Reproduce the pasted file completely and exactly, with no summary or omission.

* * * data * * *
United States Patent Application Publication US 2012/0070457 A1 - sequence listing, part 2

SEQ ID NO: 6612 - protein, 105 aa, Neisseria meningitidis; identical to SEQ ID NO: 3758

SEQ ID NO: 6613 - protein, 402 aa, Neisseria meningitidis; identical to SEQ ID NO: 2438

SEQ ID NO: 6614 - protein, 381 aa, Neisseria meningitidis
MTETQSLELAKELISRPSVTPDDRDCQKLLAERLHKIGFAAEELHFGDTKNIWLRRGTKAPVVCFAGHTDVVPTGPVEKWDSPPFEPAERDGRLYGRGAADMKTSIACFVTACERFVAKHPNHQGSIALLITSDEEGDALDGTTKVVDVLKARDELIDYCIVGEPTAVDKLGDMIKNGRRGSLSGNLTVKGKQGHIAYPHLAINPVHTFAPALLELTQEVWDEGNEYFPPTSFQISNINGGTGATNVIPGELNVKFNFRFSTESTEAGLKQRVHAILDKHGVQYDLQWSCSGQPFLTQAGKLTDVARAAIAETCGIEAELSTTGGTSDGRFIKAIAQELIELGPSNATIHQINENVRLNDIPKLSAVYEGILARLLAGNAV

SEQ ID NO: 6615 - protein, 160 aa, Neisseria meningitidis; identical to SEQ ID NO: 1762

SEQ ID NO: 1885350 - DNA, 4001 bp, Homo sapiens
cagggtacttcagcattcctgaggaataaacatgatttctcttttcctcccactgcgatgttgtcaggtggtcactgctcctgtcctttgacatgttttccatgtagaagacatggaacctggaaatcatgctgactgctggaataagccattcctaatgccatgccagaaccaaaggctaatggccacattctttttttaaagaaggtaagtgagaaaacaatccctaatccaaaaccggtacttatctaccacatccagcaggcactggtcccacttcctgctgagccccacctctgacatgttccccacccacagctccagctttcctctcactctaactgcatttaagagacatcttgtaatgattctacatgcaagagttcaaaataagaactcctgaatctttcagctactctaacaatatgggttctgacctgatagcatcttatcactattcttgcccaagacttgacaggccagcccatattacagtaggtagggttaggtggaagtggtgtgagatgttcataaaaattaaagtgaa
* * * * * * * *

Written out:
United States Patent Application Publication US 2012/0070457 A1 - sequence listing, part 2

SEQ ID NO: 6612 - protein, 105 aa, Neisseria meningitidis; identical to SEQ ID NO: 3758

SEQ ID NO: 6613 - protein, 402 aa, Neisseria meningitidis; identical to SEQ ID NO: 2438

SEQ ID NO: 6614 - protein, 381 aa, Neisseria meningitidis
MTETQSLELAKELISRPSVTPDDRDCQKLLAERLHKIGFAAEELHFGDTKNIWLRRGTKAPVVCFAGHTDVVPTGPVEKWDSPPFEPAERDGRLYGRGAADMKTSIACFVTACERFVAKHPNHQGSIALLITSDEEGDALDGTTKVVDVLKARDELIDYCIVGEPTAVDKLGDMIKNGRRGSLSGNLTVKGKQGHIAYPHLAINPVHTFAPALLELTQEVWDEGNEYFPPTSFQISNINGGTGATNVIPGELNVKFNFRFSTESTEAGLKQRVHAILDKHGVQYDLQWSCSGQPFLTQAGKLTDVARAAIAETCGIEAELSTTGGTSDGRFIKAIAQELIELGPSNATIHQINENVRLNDIPKLSAVYEGILARLLAGNAV

SEQ ID NO: 6615 - protein, 160 aa, Neisseria meningitidis; identical to SEQ ID NO: 1762

SEQ ID NO: 1885350 - DNA, 4001 bp, Homo sapiens
cagggtacttcagcattcctgaggaataaacatgatttctcttttcctcccactgcgatgttgtcaggtggtcactgctcctgtcctttgacatgttttccatgtagaagacatggaacctggaaatcatgctgactgctggaataagccattcctaatgccatgccagaaccaaaggctaatggccacattctttttttaaagaaggtaagtgagaaaacaatccctaatccaaaaccggtacttatctaccacatccagcaggcactggtcccacttcctgctgagccccacctctgacatgttccccacccacagctccagctttcctctcactctaactgcatttaagagacatcttgtaatgattctacatgcaagagttcaaaataagaactcctgaatctttcagctactctaacaatatgggttctgacctgatagcatcttatcactattcttgcccaagacttgacaggccagcccatattacagtaggtagggttaggtggaagtggtgtgagatgttcataaaaattaaagtgaa